Go to Top

The Price of Protesting For Kuruman Pupils

Pupils of Kuruman in the Northern Cape will miss out on a year of education after provincial government announced that they will repeat their classes in 2015.

“No road, no school” protests

The angry communities in Kuruman has banned their children from going back to school after the winter holidays with a campaign of “no tarred road, no school”. The parents of the children along with the communities demand more than 200km of tarred roads before they will allow their children to continue their education at local primary and high schools in Kuruman. With Basic Education Minister Angie Motshekga’s countless attempts to reconcile with angry parents falling on deaf ears, the children of the community will now need to repeat their school year in 2015 as they have only received half a year’s education and will not be able to take their exams at the end of the school year. And with only days till the start of the matric exams, matriculants will also not be able to take their national matric exams, having to put their life on hold until 2015 to be able to continue with their tertiary education and careers.

16 455 learners from 50 schools were affected

More than 50 schools were forced to shut down in June after the community started the protest and is affecting 16 455 learnings of which 469 pupils are matriculants from the 8 high schools in the community. And while the Northern Cape education department has expressed its “disappointment on the continued infringement on the rights of our children to education by the parents and communities”, parents are still adamant that, unless they see work being started on the dirt roads, no pupils will be allowed to attend school.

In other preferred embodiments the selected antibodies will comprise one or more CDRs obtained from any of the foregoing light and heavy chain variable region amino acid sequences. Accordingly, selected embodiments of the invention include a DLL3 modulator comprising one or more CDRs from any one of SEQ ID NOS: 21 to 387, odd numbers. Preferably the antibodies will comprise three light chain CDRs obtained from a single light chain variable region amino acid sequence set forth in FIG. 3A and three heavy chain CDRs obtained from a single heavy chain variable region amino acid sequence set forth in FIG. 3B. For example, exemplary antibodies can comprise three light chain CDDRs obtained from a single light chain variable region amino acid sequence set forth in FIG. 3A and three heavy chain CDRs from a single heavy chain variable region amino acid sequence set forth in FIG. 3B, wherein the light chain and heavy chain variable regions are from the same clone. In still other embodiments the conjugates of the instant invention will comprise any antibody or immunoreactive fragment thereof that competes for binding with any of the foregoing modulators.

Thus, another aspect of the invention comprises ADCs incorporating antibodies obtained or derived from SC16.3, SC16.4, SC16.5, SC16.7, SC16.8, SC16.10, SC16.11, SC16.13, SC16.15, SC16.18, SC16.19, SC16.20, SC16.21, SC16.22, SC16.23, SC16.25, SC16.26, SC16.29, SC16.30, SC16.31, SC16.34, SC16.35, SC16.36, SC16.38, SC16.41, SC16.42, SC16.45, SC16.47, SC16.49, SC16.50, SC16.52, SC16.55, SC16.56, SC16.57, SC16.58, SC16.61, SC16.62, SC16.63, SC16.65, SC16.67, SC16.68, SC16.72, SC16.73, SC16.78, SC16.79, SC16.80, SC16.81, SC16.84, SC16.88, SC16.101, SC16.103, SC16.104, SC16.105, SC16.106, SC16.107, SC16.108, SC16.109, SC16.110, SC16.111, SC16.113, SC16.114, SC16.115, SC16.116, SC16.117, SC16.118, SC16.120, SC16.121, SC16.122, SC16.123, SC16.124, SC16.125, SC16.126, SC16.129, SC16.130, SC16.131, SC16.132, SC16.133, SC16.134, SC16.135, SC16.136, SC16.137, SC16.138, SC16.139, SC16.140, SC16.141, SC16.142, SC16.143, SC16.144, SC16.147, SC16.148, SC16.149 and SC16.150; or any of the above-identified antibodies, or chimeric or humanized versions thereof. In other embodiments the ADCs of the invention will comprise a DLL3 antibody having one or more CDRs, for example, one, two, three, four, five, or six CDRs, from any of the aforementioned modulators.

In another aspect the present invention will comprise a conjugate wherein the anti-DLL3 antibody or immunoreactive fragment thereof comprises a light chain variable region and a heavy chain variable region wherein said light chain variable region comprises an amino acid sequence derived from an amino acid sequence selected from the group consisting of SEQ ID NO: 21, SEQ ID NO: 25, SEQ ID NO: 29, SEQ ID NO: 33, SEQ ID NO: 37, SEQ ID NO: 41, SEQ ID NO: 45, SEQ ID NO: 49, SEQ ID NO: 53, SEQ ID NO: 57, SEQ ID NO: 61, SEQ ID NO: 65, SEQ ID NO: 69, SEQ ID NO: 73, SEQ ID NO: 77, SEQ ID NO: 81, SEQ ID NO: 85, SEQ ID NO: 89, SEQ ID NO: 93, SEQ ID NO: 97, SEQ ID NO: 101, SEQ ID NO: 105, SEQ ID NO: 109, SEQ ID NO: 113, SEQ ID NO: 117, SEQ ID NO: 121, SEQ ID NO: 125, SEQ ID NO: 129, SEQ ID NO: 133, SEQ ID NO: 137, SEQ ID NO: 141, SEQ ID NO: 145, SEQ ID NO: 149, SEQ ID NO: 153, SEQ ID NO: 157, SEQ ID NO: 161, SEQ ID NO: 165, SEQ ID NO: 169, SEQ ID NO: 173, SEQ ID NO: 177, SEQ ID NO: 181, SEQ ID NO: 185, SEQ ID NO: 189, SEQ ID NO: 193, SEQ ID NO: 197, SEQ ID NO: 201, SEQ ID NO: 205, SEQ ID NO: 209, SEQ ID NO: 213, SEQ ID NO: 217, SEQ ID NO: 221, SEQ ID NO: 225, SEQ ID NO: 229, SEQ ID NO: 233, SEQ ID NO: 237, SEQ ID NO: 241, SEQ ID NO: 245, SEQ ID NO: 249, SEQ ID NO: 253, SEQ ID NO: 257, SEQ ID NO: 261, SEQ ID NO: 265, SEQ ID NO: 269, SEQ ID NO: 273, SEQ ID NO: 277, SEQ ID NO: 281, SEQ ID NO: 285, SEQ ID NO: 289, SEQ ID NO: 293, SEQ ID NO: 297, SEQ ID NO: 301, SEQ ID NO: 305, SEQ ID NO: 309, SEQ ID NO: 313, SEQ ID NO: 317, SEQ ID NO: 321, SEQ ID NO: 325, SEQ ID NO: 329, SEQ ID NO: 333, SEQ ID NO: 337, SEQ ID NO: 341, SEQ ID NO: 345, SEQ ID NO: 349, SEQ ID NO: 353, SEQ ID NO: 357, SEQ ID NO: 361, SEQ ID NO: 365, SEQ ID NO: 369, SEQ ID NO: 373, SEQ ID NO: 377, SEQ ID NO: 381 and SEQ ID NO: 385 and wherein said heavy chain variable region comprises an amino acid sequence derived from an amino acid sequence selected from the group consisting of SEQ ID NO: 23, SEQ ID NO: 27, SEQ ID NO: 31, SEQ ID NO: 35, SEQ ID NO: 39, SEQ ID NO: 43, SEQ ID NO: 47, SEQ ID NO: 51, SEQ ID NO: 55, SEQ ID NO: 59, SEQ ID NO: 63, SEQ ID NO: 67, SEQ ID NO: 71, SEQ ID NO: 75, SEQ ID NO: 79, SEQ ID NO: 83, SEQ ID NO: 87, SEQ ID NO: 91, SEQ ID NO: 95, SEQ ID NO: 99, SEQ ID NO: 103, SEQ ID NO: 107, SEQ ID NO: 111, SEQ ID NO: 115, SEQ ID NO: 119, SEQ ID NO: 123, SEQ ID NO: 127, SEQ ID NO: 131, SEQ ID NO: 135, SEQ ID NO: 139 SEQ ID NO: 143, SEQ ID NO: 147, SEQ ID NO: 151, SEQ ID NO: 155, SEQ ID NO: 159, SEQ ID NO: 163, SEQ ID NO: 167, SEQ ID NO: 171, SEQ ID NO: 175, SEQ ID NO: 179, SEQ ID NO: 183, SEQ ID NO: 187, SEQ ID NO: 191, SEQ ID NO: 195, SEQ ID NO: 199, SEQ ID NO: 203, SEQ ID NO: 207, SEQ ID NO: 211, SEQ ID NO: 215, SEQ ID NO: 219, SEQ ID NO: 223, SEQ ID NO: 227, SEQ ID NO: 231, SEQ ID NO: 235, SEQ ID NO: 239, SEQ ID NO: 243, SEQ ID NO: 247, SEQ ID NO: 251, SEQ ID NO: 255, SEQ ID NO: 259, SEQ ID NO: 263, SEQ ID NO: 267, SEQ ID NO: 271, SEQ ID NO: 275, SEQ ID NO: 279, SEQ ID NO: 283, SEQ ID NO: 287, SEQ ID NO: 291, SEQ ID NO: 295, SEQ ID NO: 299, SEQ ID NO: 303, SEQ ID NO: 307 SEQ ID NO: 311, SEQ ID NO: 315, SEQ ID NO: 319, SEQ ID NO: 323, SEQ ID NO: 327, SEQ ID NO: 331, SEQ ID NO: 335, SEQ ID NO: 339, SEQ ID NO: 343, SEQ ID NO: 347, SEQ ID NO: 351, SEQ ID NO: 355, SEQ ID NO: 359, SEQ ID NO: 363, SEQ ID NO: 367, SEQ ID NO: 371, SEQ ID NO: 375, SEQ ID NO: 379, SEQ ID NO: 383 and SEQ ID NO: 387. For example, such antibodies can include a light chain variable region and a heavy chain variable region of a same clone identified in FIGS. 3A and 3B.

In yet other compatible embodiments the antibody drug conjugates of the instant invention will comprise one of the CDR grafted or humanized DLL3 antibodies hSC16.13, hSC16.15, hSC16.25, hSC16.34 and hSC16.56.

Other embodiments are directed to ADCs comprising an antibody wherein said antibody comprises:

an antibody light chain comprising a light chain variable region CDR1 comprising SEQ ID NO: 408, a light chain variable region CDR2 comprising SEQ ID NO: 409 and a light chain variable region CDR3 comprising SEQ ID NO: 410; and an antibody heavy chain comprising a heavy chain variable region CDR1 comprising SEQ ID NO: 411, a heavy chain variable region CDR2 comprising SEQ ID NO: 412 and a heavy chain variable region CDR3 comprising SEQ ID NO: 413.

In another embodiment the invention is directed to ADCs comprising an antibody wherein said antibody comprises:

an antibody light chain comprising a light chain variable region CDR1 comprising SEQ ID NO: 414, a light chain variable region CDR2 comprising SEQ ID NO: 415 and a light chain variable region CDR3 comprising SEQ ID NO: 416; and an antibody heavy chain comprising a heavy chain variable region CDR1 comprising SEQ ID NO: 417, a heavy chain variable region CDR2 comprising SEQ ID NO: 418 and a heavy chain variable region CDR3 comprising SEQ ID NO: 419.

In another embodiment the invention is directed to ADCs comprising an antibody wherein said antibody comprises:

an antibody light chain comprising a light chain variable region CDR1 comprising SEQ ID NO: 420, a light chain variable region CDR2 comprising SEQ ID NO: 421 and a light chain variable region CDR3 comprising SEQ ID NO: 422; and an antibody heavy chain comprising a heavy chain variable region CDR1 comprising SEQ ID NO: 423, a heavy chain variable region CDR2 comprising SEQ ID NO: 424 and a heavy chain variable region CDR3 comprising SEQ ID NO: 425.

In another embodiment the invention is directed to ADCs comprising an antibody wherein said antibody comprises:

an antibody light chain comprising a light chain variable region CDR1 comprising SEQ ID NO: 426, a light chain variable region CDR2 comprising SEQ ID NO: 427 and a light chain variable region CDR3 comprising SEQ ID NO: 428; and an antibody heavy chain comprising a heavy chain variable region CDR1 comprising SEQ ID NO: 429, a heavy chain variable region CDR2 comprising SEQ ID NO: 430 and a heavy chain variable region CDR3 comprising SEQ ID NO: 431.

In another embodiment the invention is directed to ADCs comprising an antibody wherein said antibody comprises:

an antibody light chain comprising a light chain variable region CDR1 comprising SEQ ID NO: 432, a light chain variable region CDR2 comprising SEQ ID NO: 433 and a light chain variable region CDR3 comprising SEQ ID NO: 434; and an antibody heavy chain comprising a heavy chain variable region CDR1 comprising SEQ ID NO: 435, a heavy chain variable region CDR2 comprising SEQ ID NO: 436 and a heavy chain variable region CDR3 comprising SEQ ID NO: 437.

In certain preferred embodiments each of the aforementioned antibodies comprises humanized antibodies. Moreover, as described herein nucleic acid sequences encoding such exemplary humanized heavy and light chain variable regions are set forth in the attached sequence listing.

“[It was decided] that all Grade 12 learners of the affected eight high schools be deregistered and reregistered as part-time learners. This will afford them the opportunity to prepare and write supplementary exams in February and March 2015. All Grade R to Grade 11 learners will be allowed to redo their current grades in 2015, as they have been unable to complete a full academic year in the system.” Provincial education spokesperson Sidney Stander

Thousands of children refused the right to basic education

Socio-economic constraints and political agendas are the bane of every developing country, but the latest protests in Kuruman is refusing their children the right to basic education in favour of the development of a tar road, all which can have far-reaching consequences to the progress of learners during the remainder of their school career. Now more than ever children are heavily reliant on community educational services and volunteer organisations to keep their minds busy and ensure that they go back to school to complete their matric diploma when the time comes – not dropping out of school altogether.

Dreams To Reality is a volunteer organisation that supports the communities of Vrygrond, Capricorn and Imizamo Yethu in Cape Town with educational support and childcare programs aimed at increasing the living standards of children in the community.

Image: City Press

Leave a Reply

Your email address will not be published. Required fields are marked *

Skip to toolbar